other hand, social partners and the public authorities of the Länder work together
24
CEDEFOP A Bridge to the Future, European policies for vocational education and training 20022010. Luxembourg: Publications Office of the European Union, 2010, p.40.
25
Federal Ministery of Education and Research of Germany, Berufsbildungsbericht 2011, 2011, 18
http://www.bmbf.de/pub/bbb_2011.pdf.
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Master EERI field of studies « European Policies & Projects »
2010 - 2011
following some kind of subsidiarity principle in order to determine the content of the
school-based part of VET. This cooperation ensures the quality and the legitimacy of
the dual system. Wages for apprentices generally are one-third of the standard
employment rate in a given occupation. These wages are fixed across companies
regionally through collective agreement of participating employers26. As a German
training coordinator from a European aeronautical firm illustrated it by asserting that
“we produce the best aircraft in the world, so to produce these aircraft, we need the
best workers, and then the best vocational education and training”, German industry
and business feel responsible and competent for vocational training issues. The
viewpoint of German unions is quite the same since apprentices are considered as
employees, and therefore possess equivalent social rights. That’s why a
representative from the biggest German union explains that “Vocational education
and training is currently partly financed by taxes but the main part is financed by
companies themselves […]. It’s the duty of enterprises to carry out vocational
education and training. It seems completely normal to everybody when a company
invests in a new product and then has to buy some new machinery and equipment.
For me it’s exactly the same when talking about qualified workers, companies have to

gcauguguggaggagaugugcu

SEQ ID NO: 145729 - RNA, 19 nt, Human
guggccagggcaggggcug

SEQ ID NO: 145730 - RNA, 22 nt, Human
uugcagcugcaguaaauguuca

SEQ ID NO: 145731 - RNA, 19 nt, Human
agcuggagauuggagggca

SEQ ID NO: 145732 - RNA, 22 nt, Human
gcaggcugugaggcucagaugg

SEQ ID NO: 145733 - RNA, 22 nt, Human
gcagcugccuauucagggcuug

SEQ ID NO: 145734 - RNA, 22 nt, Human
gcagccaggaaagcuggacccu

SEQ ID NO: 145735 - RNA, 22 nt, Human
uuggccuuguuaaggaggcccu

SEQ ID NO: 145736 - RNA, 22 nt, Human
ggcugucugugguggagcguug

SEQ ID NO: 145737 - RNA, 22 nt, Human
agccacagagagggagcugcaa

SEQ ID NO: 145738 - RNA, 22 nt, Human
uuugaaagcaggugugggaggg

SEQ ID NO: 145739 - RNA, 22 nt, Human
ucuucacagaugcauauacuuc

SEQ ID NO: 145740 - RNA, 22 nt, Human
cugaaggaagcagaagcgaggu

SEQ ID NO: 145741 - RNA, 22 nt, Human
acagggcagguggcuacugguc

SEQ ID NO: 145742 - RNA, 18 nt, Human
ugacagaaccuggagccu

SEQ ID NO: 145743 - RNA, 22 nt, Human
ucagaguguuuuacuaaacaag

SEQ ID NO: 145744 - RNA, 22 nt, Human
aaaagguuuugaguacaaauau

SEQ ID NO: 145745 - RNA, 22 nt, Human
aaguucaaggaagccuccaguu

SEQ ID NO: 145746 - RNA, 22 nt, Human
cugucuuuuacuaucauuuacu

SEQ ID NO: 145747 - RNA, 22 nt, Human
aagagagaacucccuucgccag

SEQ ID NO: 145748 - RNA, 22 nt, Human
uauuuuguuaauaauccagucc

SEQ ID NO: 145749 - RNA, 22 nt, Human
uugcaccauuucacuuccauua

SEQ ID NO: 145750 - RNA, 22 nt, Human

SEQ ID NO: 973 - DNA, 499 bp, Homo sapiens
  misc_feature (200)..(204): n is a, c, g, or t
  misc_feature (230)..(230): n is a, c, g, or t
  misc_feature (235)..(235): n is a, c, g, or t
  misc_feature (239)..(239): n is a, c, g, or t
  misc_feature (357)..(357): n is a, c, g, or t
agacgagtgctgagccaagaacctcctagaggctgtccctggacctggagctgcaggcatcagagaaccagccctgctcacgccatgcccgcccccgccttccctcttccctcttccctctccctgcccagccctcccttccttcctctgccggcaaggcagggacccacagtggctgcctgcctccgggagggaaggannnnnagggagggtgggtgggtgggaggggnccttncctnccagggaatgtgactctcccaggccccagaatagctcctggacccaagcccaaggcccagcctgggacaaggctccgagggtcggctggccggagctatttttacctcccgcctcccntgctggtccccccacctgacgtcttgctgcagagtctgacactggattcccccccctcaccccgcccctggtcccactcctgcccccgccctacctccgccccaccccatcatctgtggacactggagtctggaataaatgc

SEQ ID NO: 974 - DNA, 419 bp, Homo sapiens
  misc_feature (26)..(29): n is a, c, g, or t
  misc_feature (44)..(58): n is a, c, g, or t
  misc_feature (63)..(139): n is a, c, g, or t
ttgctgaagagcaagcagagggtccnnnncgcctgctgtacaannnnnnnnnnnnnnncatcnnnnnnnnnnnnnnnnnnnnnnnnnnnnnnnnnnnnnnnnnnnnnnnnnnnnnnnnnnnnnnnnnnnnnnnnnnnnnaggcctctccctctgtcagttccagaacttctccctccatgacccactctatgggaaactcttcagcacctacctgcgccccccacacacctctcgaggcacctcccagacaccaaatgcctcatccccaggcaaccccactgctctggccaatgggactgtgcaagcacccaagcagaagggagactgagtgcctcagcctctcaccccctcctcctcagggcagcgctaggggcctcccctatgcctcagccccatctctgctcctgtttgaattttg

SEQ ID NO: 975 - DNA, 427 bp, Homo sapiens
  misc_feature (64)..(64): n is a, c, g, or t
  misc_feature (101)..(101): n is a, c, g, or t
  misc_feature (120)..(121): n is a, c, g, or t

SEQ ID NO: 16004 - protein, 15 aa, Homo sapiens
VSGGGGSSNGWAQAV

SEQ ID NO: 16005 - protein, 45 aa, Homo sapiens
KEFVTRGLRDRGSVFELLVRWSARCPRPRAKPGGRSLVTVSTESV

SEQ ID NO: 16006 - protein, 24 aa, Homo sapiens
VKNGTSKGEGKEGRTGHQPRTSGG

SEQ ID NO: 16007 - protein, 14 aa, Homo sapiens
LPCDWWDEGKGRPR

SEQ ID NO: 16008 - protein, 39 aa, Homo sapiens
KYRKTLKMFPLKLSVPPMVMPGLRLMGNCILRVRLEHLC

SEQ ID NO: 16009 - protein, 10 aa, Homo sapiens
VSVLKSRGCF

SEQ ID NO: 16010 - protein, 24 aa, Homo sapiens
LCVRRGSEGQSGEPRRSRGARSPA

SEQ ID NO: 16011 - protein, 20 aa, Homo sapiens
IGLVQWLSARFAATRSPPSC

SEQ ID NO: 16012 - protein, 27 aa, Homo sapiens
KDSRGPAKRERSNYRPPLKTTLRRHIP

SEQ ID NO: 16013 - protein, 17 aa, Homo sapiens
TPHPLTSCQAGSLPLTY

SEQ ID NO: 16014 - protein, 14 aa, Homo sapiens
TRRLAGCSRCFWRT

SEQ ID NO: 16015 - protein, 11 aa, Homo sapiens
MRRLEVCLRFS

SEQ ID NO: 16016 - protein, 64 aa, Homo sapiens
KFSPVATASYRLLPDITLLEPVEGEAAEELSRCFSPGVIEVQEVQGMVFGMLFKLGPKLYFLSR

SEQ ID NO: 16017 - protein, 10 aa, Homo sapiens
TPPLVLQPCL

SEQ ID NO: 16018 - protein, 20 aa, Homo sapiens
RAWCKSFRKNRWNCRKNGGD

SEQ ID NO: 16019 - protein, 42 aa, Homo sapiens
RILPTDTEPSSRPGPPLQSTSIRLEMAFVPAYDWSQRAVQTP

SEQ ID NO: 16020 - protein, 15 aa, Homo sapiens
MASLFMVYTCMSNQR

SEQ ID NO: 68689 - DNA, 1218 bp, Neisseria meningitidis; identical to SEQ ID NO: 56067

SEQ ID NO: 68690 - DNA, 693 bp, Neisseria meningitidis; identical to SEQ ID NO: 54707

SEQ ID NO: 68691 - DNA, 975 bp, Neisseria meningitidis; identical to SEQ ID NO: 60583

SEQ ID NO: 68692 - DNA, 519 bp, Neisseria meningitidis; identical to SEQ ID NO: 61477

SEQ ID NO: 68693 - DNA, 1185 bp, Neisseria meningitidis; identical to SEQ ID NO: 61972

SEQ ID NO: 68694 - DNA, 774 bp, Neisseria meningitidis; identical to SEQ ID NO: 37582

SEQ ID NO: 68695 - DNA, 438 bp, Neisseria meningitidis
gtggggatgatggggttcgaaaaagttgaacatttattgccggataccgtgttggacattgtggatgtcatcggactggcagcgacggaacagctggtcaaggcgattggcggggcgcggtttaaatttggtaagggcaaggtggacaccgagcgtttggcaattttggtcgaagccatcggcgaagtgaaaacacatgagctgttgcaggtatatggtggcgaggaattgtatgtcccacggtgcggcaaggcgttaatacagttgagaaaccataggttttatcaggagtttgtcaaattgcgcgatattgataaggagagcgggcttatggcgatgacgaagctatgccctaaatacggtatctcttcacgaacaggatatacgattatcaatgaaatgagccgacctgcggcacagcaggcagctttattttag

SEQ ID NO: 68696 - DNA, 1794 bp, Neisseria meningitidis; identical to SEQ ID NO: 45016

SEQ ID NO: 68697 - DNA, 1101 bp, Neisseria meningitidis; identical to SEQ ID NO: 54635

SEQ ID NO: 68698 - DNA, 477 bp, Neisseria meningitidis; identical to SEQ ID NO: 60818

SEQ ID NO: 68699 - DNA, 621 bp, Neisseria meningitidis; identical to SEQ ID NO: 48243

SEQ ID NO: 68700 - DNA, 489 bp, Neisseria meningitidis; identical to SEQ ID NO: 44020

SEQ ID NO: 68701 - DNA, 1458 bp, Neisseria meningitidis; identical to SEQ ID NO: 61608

pay for it.” That kind of consideration is widely shared in Germany as well as the
principle of regulated occupation (Berufsprinzip) as cornerstone of dual system which
is often opposed to the modularisation of vocational education and training27.
Apprenticeship can be completed only within the regulated occupations. There are
350 regulated occupations in Germany in various sectors like industry, trade,
handcraft, liberal professions, public service, agriculture and maritime navigation.
This regulation lays down many aspects of apprenticeship frame such as the duration
of apprenticeship, its goals, its content, its organisation and its examination
requirements28. It means that the German dual system aims to train for a specific
occupation. Therefore those who have completed an apprenticeship are immediately
employable. It may be one of the reasons why the German rate of youth
26
CEDEFOP (2007) Vocational Education and Training in Germany: Short Description. Luxembourg:
Office for Official Publications of the European Communities.
27
Sirikit Krone (2010) Aktuelle Problemfelder der Berufsbildung in Deutschland. In Das
Berufsbildungssystem in Deutschland; Aktuelle Entwicklungen und Standpunkte. (pp 34-35)
Wiesbaden: VS VERLAG
28
“Allemagne.“ Centre-Inffo, http://www.centre-inffo.fr/Allemagne.html#outil_sommaire_0.
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Master EERI field of studies « European Policies & Projects »
2010 - 2011
unemployment reaches only 10% whereas in France, it reaches 23% as it has been
debated in the third Franco-German seminar about VET hold in Paris in 200729.
ii. European countries with school-based vocational education and
training
In most countries of continental Europe, school-based vocational education and
training prevails and the State is playing a dominant role. There is a tradition of
strong centralisation — especially in France and in Southern European countries but
also to some extent in some of the Scandinavian countries. In France “in the field of
education, the State has retained responsibility for curricular content, examinations
and teaching staff”; [although] “the Government decided to relaunch the
apprenticeship system — which differs in many ways from the German one — to
achieve a significant increase within five years in the number of young people